I don’t know what I really expected when I started watching Greek. I never saw the broadcast, and the series was extremely underplayed in the crowded wilderness of promos and press. Honestly, I’m not sure I would have invested any time in the show if I had heard of it. So, when Greek showed up at my door to watch and review, I had to scratch my head a little bit before deciding to put the first disc into my DVD player. The release case almost makes the show sound like a Greek life reality show, and I’m sure as we speak some new reality creator is just now thinking what a great idea that would be. But Greek is not a reality show at all. It’s a teen soap opera set in the party environment of a college campus and both a fraternity and sorority house. The concept would appear to be slightly misplaced on ABC’s Family Network. The prerequisite underage drinking and promiscuous sexual lives don’t appear to be the best “family” entertainment. We don’t get even halfway through the pilot episode before we’re already charting those waters. To be sure, Greek is no Animal House, and the atmosphere is toned down considerably, but the issues remain, and this is not a show for the kiddies.
Greek is one of those new shows that fell victim to the writers’ strike. Production ended after only 10 episodes, leaving the series with the feeling of being incomplete. This first collection of episodes was likely at one point going to be the entire first season; however, the strike finally ended in time for a handful of new episodes to be produced and to be aired beginning in late March. I’d guess the release was already in the works by that time, so rather than postpone the release and include the later episodes the decision was made to continue with this package and call it simply “Chapter One”. There’s a better than even chance that ABC was hoping that the DVD set would spark some interest now that the show has, at least temporarily, resumed.
The story is very much like a soap opera. Casey (Grammer) is a sorority sister for Zeta Beta Zeta and after 2 years is a woman on the rise. She’s dating the rich and handsome Evan (McDorman) and is in line to be the next House president. Her life is about to change when her nerdy brother, Rusty (Zachar) arrives at college. In his hope to experience college life and shed some of his geek reputation, he decides to rush a fraternity and enter Casey’s perfect world. Casey’s other problem is Zeta Beta Zeta’s own new pledge in the form of Rebecca Logan (Vadsaria), the spoiled daughter of a US Senator and rival for Evan’s affections as well as the future House leadership. To further complicate matters, Rusty has pledged Omega Chi Delta, which is led by Casey’s former boyfriend, Cappie (Foster). Most of the episodes deal with the crossover of these various worlds, and there’s a ton of competition not only between the houses but the characters. The show is all about the parties and the rivalries. There’s an interesting enough group of supporting characters, all well cast, which make this series a little more interesting than it really should be.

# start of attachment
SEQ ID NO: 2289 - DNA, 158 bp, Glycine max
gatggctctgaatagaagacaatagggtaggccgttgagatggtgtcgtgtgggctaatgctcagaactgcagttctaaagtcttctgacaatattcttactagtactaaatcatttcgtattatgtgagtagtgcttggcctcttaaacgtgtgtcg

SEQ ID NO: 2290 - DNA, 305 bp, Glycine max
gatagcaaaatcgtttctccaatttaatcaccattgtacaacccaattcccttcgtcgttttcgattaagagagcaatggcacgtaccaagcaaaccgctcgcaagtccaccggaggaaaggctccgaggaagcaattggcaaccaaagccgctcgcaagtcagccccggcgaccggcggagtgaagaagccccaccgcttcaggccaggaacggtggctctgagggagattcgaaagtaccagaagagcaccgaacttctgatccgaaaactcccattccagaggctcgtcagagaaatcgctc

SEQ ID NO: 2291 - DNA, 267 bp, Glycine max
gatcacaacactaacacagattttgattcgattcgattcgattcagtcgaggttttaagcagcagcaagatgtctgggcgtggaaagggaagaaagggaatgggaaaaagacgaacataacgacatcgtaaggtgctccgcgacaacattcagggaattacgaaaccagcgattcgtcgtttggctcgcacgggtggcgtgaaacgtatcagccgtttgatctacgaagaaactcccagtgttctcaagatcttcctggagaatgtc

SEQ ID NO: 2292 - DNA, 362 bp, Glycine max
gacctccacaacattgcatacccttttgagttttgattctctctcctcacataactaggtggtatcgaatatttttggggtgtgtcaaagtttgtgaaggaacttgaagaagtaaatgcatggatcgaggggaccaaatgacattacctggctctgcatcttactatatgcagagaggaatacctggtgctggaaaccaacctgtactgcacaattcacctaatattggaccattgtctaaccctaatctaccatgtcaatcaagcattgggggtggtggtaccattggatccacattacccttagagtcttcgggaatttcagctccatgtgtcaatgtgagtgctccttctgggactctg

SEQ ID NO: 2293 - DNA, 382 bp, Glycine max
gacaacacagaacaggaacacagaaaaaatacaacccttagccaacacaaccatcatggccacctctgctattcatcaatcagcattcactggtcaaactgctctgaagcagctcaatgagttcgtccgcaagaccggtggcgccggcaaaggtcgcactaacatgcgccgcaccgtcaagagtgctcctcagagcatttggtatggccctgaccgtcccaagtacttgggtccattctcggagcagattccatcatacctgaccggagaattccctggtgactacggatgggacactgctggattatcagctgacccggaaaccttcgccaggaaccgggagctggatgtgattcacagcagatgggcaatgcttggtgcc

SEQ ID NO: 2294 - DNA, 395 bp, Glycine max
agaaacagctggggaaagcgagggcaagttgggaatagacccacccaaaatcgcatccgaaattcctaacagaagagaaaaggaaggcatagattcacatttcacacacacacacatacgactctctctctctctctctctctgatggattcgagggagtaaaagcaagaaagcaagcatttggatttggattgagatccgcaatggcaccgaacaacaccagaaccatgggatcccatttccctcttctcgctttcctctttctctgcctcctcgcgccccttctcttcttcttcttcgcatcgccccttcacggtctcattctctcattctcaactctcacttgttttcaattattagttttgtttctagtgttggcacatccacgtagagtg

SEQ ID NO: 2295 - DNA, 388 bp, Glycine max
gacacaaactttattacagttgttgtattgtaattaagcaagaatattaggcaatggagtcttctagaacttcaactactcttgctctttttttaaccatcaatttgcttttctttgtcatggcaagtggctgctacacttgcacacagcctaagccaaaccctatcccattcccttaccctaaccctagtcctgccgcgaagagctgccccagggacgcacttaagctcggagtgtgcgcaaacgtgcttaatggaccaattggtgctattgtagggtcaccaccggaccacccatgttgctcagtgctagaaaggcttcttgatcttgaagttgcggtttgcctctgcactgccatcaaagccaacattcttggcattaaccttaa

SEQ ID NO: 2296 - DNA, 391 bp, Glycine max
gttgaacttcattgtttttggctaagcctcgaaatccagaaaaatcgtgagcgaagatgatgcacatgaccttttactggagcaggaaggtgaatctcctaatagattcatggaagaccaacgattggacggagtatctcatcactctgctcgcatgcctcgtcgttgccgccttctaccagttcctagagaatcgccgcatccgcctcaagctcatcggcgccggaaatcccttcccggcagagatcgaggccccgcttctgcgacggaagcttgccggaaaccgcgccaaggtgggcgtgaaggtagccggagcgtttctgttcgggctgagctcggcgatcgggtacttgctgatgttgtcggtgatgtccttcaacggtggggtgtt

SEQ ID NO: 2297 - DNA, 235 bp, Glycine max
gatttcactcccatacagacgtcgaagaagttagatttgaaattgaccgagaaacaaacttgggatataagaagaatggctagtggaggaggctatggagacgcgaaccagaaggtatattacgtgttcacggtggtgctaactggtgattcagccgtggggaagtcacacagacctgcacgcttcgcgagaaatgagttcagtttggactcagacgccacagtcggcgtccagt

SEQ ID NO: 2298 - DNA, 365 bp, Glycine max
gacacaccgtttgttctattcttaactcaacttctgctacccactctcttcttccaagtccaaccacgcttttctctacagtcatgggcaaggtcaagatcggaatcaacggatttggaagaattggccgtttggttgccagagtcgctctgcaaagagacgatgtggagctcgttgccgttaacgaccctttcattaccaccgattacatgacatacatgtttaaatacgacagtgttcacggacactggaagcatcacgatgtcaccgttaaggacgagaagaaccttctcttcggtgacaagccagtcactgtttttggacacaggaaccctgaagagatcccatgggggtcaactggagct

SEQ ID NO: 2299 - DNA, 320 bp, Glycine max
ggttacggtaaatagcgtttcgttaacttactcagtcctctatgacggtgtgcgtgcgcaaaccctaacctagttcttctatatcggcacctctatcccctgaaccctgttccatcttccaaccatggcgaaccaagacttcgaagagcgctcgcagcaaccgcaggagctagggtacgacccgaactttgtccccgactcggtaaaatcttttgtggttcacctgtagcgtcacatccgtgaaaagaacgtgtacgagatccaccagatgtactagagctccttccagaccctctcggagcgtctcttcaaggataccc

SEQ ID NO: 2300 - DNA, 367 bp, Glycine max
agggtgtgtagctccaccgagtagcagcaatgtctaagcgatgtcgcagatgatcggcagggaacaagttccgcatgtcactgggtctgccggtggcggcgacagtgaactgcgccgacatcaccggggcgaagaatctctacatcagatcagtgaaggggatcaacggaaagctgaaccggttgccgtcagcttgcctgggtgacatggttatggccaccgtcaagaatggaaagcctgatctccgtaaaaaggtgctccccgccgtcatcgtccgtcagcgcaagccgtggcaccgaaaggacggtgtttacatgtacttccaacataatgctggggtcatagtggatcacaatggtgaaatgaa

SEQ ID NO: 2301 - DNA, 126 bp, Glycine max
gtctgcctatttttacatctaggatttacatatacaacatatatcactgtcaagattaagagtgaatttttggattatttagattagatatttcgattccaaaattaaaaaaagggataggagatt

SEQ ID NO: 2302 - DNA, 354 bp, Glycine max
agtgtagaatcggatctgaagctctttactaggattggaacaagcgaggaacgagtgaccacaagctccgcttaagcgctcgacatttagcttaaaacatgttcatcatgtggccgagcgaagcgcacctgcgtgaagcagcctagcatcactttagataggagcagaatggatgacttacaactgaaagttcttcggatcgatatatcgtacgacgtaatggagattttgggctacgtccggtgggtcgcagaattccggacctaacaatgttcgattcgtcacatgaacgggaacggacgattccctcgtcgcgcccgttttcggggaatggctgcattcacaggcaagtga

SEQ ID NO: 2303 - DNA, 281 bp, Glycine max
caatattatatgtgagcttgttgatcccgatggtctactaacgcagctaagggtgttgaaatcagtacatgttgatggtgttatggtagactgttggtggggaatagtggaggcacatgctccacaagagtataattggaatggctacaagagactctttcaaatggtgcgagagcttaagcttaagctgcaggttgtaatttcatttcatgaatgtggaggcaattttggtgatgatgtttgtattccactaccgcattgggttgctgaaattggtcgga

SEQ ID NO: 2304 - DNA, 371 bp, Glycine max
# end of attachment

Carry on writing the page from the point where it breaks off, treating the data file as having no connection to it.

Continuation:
Each episode of Greek is presented in its original 1.78:1 broadcast format. The presentation is pretty solid. Colors are not overly bright or stunning, but the level of detail is solid. This also includes a very solid black level. There are 4 episodes to a disc, and there is remarkably little to no compression artifact.
The Dolby Digital 5.1 track does everything it needs to do and more. This is an extremely dialog heavy series, so that’s what you’re going to want to hear without distractions. The clarity is good, and never does the 5.1 mix interfere with the staples. Musical cues are always solid but never overpower the drama.
There are audio commentaries with cast and crew on all most of the episodes. They range from dry to a little too giddy for my tastes. It appears the cast and crew all enjoy themselves on set.
Deleted Scenes: There are 3 scenes totaling less than 2 minutes. You can view them with play all or individually. There is also an optional audio commentary by series creator Patrick Sean Smith. The stuff really doesn’t add anything, and the picture quality is very poor.
Extended Musical Scene: The bar scene where Darwin Lied plays for Casey is included without cuts here.
I liked Greek more than I expected, but it wasn’t anything I’d end up watching again. I found the actors and their characters to be far more compelling than the very contrived stories and plots. The show is well cast with some young faces I expect you’ll see more of. By the way, you’ll notice a lot of Frasier jokes throughout the show. Actress Spencer Grammer is Frasier’s Kelsey’s daughter. The stuff’s good for mild diversion and is blessed with a very short title sequence. There are even some very funny moments like when Rusty’s Christian roommate is trying to preach to the frat brothers, explaining that David didn’t “get stoned” with the Philistines. But mostly the writing was “much more shallow than I expected”.